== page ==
By Viken L. Attarian MSc, P. Eng, MBA, Montréal, 22 November 2009
The Vartan Oskanian event that launched his book, Speaking to be Heard, (Անաւարտ Տասնամեակ) , was remarkable in several aspects.
Firstly, it was organized by two youth organizations standing traditionally on opposite sides of the multitude of Armenian Diasporan divides, the AGBU Montreal Young Professionals (YP) and the ARF Armen Karo Student Association. This in itself was a positive development.
Secondly, it brought together several bright minds to frame the book presentation by the author. The evening was emceed by Chahe Tanachian of the AGBU YPs (Director of the AGBU M. Keusseyan Armenian Studies Program), and by Lalai Manjikian of the Armen Karo Association (a PhD student at McGill). The book itself was diligently presented in both Armenian and English by Dr. H. Hacikyan, himself an accomplished scholar, writer and teacher. As for the author, he was introduced by none other than George Shirinian, the tireless Executive Director of the Zoryan Institute.
And finally, there was the author himself. Armenia’s former Foreign Minister for 10 years who brought Armenia’s foreign policy to the international scene and was the architect and enactor of much of the diplomatic efforts that made Armenia a valued player on the stage of nations. He had brought a qualitative leap as well as an intellectual rigor and long term strategic focus to the various policy initiatives of the ROA. The book was about his speeches that he made over his decade long tenure. And the audience of about 400 came to hear the current chairman of the Civilitas Foundation speak.
And they were not disappointed. Oskanian demonstrated his mastery of the topics under issue. He talked about the policy of complementarity that was introduced into the lexicon of Armenia’s foreign policy (i.e. creating complementary policies that selectively created alliances with Russia, the US and the EU), he talked about making the Genocide Recognition issue a cornerstone of the ROA foreign policy, he talked about the lessons of tolerance that could be taught by Armenia to the world, because even when we are a small nation, we are an ancient people with a vast historical experience. He talked about the importance of recreating a country through the organizing of a truly civil society in Armenia, about making it a country where the primary focus would be on democracy, human rights and the freedom of expression. He talked about the urgency of that position and how we need to act now, because history is made in the present, because he believed that the Armenian youth who are citizens of the world want to identify with such a country and would see their Armenian identities reflected in it.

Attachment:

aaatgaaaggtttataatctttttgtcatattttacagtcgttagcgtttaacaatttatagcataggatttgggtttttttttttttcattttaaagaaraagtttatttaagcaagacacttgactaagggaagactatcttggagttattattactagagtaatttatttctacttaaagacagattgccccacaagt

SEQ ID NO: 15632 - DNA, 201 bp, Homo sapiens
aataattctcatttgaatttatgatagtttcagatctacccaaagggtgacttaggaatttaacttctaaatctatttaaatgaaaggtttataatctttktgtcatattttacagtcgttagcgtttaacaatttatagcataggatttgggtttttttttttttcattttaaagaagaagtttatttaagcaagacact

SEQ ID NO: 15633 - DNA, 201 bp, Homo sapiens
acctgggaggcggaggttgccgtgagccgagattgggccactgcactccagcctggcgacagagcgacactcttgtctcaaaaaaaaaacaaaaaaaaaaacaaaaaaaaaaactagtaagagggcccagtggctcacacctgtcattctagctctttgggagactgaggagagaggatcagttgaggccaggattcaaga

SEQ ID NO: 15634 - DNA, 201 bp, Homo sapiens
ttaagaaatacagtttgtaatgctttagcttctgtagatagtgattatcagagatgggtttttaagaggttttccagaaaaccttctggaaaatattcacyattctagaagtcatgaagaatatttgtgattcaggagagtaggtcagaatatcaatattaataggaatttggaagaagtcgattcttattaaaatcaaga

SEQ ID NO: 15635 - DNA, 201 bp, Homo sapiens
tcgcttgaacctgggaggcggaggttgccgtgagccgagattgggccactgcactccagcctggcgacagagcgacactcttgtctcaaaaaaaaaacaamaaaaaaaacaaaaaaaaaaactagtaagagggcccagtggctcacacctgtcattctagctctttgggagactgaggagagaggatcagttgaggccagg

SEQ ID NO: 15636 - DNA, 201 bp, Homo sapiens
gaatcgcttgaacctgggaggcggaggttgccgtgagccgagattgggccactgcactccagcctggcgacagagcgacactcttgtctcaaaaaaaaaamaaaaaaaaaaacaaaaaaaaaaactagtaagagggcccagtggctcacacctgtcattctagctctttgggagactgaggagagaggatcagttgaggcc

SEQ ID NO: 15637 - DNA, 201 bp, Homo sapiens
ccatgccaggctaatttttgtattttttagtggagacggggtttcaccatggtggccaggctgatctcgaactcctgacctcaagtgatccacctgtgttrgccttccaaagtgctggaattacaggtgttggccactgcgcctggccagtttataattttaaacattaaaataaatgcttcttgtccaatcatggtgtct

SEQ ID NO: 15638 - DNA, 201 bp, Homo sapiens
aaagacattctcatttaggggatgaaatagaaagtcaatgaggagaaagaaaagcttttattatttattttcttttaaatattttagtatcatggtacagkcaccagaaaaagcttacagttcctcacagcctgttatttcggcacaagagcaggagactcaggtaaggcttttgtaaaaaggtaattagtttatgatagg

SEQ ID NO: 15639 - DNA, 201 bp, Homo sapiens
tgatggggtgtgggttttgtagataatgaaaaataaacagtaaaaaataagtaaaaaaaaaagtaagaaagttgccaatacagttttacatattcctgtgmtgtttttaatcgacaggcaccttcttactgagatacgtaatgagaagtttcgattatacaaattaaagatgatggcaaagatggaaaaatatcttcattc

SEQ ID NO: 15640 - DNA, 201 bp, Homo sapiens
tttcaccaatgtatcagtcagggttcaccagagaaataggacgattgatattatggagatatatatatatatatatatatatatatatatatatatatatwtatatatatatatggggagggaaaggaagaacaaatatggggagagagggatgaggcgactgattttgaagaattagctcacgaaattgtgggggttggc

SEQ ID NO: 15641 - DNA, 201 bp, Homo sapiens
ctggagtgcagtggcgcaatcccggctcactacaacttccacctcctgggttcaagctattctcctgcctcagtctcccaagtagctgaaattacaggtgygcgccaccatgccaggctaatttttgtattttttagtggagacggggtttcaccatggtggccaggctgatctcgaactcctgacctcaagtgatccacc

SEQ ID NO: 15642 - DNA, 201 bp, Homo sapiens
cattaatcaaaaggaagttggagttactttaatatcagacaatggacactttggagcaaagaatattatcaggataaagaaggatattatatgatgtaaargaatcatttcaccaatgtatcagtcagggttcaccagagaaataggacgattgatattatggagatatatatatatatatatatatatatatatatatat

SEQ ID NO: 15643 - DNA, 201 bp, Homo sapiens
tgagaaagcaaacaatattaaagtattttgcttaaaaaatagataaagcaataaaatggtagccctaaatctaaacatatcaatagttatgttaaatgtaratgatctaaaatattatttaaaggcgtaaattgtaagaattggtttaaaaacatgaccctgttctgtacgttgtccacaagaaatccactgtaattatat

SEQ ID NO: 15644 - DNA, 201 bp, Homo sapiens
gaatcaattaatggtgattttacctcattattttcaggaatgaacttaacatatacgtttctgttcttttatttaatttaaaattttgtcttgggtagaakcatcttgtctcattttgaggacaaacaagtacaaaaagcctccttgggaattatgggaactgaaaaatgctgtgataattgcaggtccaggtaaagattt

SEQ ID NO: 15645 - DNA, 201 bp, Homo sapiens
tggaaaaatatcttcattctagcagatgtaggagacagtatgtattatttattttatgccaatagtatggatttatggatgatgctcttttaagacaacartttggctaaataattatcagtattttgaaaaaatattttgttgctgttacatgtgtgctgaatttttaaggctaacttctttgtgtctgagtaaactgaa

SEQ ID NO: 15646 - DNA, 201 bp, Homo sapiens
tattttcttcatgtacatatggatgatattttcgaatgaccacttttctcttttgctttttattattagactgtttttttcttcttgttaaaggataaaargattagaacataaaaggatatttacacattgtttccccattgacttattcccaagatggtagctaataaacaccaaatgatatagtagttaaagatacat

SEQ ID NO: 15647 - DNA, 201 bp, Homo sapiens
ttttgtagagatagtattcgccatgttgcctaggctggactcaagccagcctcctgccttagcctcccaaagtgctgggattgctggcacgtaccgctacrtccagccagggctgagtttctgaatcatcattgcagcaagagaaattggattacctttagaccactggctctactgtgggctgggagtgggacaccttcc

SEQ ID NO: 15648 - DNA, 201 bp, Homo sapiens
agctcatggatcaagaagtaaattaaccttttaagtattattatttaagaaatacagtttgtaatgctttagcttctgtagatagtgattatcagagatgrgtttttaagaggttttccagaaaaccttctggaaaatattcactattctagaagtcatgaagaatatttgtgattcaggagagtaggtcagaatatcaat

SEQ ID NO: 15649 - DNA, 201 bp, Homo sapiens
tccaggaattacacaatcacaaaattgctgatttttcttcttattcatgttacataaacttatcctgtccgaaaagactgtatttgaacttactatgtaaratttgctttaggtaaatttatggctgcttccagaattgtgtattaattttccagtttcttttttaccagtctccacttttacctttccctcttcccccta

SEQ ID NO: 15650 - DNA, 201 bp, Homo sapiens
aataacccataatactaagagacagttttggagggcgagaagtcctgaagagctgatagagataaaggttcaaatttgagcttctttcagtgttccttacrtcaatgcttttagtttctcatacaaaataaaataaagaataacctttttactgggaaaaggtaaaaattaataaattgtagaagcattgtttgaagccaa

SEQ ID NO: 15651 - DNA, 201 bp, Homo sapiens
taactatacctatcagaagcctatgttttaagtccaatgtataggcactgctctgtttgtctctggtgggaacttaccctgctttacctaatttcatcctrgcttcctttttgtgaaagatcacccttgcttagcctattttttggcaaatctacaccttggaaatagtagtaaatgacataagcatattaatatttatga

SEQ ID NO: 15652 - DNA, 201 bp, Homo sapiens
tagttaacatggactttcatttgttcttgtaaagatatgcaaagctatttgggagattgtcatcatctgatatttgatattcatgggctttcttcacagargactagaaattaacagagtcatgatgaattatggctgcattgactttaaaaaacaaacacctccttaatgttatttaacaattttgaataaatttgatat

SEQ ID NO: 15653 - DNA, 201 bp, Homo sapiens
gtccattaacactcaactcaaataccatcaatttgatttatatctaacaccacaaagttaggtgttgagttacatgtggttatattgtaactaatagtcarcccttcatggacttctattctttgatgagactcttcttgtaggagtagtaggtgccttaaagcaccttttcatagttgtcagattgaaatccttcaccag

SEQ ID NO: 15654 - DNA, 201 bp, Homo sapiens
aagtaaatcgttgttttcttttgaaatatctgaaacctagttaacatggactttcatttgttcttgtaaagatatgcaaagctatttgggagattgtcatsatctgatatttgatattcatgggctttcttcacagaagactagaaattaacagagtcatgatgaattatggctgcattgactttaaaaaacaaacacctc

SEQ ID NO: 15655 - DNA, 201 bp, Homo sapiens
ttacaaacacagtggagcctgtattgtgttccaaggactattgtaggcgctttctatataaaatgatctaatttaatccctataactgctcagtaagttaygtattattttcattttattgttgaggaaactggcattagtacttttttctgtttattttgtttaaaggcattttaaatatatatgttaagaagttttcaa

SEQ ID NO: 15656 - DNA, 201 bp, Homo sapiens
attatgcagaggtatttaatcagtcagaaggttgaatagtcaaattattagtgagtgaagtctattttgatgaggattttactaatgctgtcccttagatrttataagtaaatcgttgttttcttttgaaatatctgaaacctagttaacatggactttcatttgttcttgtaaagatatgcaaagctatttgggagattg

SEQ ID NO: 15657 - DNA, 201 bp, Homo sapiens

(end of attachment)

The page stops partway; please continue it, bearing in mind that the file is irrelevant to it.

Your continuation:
Oskanian of course also talked about the “Protocols”; he expressed his disappointment with and astonishment at the language of the text, even while admitting that he was one of the first initiators of dialogue with Turkey. He rightfully pointed out that the major achievement for Turkey was that
- The ensuing global unease after the “Protocols” were signed showed Turkey our weaknesses and serious vulnerabilities.
- It created deep divides within Armenia, within the Diaspora and between the Diaspora and Armenia.
- It essentially created the opportunity for Turkey to remove the issue of Genocide Recognition from various international agendas.
- It gave the upper hand to those who have suggested back in 1998 that a land-locked country like Armenia essentially had no options left to it and must cave in to Turkey’s demands, whereas for at least a decade, the opposite was already proven by Armenia. This effectively nullified the strategic advantages created for Armenia after the Russo-Georgian war.
The Q&A session was as lively and passionate as Oskanian’s speech. When asked about the sources of funding of Civilitas he was very straight forward: individuals, international foundations and state aid programs from the UN, North America, and the EU. When challenged about his role in initiating the dialogue with Turkey he was clear that his disappointment is not related to the existence of such an agreement but to the language in it and how it weakens Armenia’s position. When asked about the current government, he clearly said that he believes them to be as patriotic as anyone if not more, but what was at issue was not whether they should be labeled as traitors but rather the content of the “Protocols” and how they benefit Turkey and hardly benefit Armenia. He stressed that all views should be considered.
Oskanian ended his talk asking all not to take Armenia for granted and not to be indifferent towards Armenia, regardless of what position we have over the “Protocols”. He said that he will continue to speak to be heard.
Given his track record, erudition and passion for what he does, it would be very hard not to listen to what he has to say.